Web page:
"He knew what the deal was when he signed me, hands down," Hamilton said. "He knew what he was getting. He knew what the risks were. He knew all those things."
Los Angeles had deals to send Hamilton to a pair of unspecified National League West teams that the slugger would not approve, the person said.
"When it was made aware to me that the Angels wanted to move me, my first choice was the Rangers. I've had a lot of good memories here," Hamilton said. "Looking back on it now, if I could change the past, I would. ... Probably wouldn't have gone anywhere. Probably would have stayed here."
Hamilton, who has filed for divorce in Texas, never reported to the Angels this season. He did his surgery rehab in Houston and said he "would have been playing probably a month ago" had he been allowed to finish his rehabilitation with the Angels in spring training.
"Josh, from the moment he arrived here, there's been turbulence," Angels general manager Jerry Dipoto said during a telephone conference call. "If I could put my finger on why Josh had a tough time here, we may have been able to help him solve those issues."
Moreno seemed to sour on his high-priced signee when it was revealed in February that Hamilton had a relapse into his drug addiction while rehabilitating from shoulder surgery. When the rumor circulated that the Angels were going to move him, Hamilton said the Rangers were his first choice.
"I'm really happy to have him,'' said Elvis Andrus, one of the few Rangers remaining that can call Hamilton a former teammate. "He's a guy that has showed he can carry a team.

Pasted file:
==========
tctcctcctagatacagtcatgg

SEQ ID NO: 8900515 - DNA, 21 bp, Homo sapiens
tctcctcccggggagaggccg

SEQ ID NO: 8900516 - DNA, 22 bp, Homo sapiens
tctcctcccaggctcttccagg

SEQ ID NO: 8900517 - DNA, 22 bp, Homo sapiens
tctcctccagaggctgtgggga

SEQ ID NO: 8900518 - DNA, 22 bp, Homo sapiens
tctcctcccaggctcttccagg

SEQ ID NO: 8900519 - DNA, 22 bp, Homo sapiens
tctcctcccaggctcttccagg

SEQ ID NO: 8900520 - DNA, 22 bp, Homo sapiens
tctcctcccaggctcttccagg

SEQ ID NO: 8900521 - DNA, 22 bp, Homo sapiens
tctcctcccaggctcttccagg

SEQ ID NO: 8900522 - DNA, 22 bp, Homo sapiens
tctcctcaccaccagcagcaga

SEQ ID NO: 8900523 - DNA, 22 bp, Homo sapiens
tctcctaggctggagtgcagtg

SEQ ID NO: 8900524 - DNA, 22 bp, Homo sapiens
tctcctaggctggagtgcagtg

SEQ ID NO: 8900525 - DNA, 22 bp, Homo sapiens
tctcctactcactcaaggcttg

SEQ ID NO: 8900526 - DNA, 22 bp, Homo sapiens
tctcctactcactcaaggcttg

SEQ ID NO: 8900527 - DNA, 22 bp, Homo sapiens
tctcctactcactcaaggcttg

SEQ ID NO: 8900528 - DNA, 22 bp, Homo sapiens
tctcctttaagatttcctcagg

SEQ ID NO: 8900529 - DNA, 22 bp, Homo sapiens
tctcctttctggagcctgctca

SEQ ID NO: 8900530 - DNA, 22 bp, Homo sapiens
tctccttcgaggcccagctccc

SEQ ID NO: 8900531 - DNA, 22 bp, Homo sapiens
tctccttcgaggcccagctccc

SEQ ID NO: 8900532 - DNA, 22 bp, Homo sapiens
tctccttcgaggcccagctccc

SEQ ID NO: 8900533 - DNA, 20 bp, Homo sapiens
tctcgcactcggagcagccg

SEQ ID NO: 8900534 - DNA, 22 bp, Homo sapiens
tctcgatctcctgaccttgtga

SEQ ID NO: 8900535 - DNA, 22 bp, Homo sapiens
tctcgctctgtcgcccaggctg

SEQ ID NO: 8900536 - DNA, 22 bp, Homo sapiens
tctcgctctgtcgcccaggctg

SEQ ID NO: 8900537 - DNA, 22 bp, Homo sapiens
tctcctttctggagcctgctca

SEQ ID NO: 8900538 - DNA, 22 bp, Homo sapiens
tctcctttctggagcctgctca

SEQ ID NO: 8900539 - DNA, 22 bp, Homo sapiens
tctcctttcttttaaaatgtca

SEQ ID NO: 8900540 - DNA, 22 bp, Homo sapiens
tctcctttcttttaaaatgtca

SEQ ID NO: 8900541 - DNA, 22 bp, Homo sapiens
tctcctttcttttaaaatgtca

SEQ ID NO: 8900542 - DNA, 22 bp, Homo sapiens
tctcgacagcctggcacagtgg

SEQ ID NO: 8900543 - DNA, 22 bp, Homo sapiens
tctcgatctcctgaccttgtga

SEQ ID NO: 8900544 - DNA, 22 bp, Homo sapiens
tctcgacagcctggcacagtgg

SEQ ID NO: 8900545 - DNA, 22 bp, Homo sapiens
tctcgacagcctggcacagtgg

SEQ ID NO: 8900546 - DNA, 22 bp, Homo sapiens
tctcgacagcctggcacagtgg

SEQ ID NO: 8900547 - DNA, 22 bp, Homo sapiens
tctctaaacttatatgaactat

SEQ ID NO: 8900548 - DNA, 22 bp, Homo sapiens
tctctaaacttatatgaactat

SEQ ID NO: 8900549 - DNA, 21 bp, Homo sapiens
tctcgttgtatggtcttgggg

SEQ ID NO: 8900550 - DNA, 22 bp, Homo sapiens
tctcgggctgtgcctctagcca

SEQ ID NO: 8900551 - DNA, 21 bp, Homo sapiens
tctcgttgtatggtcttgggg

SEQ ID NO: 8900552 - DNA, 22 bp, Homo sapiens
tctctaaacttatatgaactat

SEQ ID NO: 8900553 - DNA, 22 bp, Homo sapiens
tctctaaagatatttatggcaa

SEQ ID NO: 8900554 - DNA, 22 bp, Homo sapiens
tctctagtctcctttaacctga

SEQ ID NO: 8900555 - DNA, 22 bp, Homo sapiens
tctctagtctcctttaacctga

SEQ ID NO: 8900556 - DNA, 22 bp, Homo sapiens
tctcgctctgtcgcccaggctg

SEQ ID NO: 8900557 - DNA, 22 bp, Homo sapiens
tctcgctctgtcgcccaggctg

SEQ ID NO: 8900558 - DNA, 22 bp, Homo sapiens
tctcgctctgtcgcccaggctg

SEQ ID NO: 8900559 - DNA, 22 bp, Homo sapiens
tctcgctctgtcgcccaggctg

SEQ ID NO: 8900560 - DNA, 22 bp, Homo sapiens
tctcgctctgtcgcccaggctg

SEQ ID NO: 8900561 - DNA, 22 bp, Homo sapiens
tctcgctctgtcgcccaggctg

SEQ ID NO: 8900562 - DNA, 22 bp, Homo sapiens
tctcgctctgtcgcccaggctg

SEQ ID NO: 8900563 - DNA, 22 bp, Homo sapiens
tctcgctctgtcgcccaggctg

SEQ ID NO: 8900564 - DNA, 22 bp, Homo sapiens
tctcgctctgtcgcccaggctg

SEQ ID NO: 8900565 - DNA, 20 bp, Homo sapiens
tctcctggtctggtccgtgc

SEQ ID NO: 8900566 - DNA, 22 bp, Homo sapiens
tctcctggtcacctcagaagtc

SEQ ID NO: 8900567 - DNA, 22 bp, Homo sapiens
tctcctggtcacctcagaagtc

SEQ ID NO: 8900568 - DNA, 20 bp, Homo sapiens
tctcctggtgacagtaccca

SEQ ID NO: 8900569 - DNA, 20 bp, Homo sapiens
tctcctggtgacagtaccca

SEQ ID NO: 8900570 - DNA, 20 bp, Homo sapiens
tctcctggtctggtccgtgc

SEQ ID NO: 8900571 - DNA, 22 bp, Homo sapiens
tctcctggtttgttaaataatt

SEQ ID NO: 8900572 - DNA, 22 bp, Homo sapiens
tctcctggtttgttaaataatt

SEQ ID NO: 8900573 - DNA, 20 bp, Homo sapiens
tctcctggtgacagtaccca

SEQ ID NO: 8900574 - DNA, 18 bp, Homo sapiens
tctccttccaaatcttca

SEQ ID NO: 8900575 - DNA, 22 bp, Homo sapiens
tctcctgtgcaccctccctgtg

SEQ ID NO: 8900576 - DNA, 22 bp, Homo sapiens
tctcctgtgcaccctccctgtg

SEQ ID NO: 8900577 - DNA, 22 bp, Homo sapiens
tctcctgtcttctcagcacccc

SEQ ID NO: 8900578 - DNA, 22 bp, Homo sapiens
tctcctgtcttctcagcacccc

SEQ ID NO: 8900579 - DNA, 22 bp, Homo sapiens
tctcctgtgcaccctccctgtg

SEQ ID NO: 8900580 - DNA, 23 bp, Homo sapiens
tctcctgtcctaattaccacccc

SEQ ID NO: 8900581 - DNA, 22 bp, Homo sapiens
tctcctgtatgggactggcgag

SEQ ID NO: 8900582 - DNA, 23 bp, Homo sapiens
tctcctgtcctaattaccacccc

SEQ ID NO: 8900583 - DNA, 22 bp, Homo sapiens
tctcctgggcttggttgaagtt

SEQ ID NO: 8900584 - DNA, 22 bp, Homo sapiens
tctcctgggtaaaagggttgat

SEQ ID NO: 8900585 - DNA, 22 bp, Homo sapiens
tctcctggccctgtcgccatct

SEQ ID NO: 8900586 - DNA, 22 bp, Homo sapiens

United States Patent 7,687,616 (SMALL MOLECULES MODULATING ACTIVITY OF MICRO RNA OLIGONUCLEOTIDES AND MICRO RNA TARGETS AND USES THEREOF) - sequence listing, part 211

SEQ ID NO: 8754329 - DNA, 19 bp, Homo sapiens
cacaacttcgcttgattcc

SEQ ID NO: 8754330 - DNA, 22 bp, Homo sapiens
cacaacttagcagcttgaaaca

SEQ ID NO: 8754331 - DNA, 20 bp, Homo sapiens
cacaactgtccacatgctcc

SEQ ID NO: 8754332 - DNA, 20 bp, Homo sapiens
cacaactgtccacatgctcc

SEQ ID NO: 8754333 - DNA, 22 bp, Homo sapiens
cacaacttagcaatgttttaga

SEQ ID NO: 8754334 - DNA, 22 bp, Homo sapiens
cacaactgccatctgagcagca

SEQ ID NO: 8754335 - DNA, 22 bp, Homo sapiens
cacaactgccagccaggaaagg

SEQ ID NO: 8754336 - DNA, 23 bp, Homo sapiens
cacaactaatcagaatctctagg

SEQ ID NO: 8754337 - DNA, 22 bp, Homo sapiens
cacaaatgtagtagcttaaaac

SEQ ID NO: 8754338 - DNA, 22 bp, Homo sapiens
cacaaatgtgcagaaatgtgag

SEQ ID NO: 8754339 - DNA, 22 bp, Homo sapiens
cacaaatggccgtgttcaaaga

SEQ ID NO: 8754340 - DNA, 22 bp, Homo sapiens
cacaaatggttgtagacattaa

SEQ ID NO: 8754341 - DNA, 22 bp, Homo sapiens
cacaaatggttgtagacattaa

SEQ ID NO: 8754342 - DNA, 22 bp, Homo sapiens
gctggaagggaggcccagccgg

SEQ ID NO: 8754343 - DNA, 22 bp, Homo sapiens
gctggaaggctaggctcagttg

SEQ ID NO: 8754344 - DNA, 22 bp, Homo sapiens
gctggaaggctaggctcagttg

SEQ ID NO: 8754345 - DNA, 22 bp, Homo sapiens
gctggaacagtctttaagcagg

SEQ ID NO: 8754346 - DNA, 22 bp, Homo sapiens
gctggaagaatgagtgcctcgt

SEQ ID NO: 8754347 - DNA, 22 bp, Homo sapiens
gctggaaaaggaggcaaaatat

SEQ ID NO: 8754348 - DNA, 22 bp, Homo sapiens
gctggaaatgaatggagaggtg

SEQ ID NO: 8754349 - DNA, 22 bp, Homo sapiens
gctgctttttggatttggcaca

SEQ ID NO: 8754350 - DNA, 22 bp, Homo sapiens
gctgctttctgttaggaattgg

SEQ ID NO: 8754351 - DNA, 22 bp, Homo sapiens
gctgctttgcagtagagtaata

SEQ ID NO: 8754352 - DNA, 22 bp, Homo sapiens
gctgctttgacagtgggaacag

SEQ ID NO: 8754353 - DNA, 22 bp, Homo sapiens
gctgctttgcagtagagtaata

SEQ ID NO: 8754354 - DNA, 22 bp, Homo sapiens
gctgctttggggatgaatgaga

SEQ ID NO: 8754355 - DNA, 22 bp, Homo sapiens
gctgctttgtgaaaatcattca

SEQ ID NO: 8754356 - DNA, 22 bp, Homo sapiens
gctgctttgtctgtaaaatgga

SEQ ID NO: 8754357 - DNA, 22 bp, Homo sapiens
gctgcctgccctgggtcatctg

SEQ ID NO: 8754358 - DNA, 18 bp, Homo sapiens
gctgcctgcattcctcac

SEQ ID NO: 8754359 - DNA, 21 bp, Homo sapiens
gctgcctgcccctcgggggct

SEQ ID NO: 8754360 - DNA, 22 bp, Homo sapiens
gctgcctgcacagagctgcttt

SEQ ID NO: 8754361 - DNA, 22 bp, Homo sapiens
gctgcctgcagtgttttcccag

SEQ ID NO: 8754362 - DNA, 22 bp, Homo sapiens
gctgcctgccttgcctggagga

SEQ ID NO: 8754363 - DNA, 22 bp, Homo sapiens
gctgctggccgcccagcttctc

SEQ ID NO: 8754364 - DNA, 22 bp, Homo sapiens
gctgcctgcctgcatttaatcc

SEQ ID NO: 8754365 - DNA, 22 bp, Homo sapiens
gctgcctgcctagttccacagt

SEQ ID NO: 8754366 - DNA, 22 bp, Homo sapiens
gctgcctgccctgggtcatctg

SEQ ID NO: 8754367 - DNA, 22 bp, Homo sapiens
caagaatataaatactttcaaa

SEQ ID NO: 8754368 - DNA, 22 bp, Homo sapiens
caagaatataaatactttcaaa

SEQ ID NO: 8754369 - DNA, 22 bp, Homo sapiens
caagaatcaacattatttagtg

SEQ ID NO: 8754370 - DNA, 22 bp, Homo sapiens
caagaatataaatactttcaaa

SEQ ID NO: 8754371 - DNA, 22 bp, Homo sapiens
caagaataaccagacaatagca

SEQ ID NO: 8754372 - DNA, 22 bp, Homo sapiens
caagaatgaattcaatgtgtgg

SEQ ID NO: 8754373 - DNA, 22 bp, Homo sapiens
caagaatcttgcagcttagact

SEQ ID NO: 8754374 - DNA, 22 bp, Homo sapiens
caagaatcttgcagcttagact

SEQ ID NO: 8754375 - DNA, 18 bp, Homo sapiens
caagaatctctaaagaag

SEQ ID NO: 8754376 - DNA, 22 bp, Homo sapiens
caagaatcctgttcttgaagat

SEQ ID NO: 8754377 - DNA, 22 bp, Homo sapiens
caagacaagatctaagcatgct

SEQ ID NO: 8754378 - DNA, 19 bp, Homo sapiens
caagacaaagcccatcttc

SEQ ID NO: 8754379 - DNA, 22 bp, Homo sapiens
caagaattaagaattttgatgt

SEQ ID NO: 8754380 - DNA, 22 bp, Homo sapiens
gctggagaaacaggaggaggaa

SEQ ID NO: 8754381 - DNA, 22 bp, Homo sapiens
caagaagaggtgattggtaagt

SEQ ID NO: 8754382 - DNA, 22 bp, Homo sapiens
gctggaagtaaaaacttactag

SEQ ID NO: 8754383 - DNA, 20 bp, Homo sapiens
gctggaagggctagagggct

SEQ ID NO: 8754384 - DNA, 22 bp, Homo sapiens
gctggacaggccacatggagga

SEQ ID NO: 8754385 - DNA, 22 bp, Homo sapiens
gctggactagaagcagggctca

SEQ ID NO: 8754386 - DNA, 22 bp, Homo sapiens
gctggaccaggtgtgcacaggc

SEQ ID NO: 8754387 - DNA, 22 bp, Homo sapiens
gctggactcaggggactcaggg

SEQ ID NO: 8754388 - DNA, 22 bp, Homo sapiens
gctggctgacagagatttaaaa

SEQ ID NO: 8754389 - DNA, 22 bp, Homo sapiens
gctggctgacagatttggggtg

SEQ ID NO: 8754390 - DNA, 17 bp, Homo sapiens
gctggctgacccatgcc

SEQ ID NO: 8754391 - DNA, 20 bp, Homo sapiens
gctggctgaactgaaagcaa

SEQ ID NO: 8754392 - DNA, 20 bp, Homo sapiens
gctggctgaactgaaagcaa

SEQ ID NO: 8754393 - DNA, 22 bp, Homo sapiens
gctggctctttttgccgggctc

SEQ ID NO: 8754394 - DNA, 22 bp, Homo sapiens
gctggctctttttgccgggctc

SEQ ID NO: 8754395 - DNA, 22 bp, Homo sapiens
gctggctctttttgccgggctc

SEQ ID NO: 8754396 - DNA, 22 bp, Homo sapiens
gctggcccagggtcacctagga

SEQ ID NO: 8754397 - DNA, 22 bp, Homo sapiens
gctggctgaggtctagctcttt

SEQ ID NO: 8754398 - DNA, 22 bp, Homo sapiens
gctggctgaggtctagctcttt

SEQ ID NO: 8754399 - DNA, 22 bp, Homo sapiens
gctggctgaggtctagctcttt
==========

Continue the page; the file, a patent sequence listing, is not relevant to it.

"Nobody in this clubhouse is going to judge him," Andrus added. "Nobody is perfect. He knows we have his back with whatever happens. We know the kind of person he is."
Jeff Banister downplayed the idea of Hamilton requiring extra attention.
"All 25 players are different,'' the Rangers manager said. "Each one has his own things to deal with on a daily basis. He's one of 25 in the clubhouse.
"My experience is when players have something to motivate and drive them, they perform better and stay focused.''
Seeking its first title since 2002, Los Angeles went 78-84 in Hamilton's first season with the Angels then finished a big league-best 98-64 last year only to falter in the playoffs.
In his first stint with Texas, Hamilton hit .305 with 142 homers and 506 RBIs in 647 games. He led the majors with a .359 batting average in 2010, the season he was also the MVP of the AL Championship Series.
In 240 games the past two seasons in Los Angeles, Hamilton had 31 homers and 123 RBIs. He was limited to 89 games because of injuries last year, which ended with him going hitless in 13 at-bats as the Angels were swept in three games by Kansas City in the AL Division Series.
"It didn't work out on the field. It didn't work out off the field," Dipoto said. "From beginning to end, this is not what we planned. This is not the way we envisioned any of this playing out from the moment we signed Josh.
"At the end of the day, this is what we felt this was best for the team, that we were able to clear the air, that we were able to move forward with the group of 25 that we have on the field today."
Information from ESPN.com's Randy Jennings and The Associated Press was used in this report.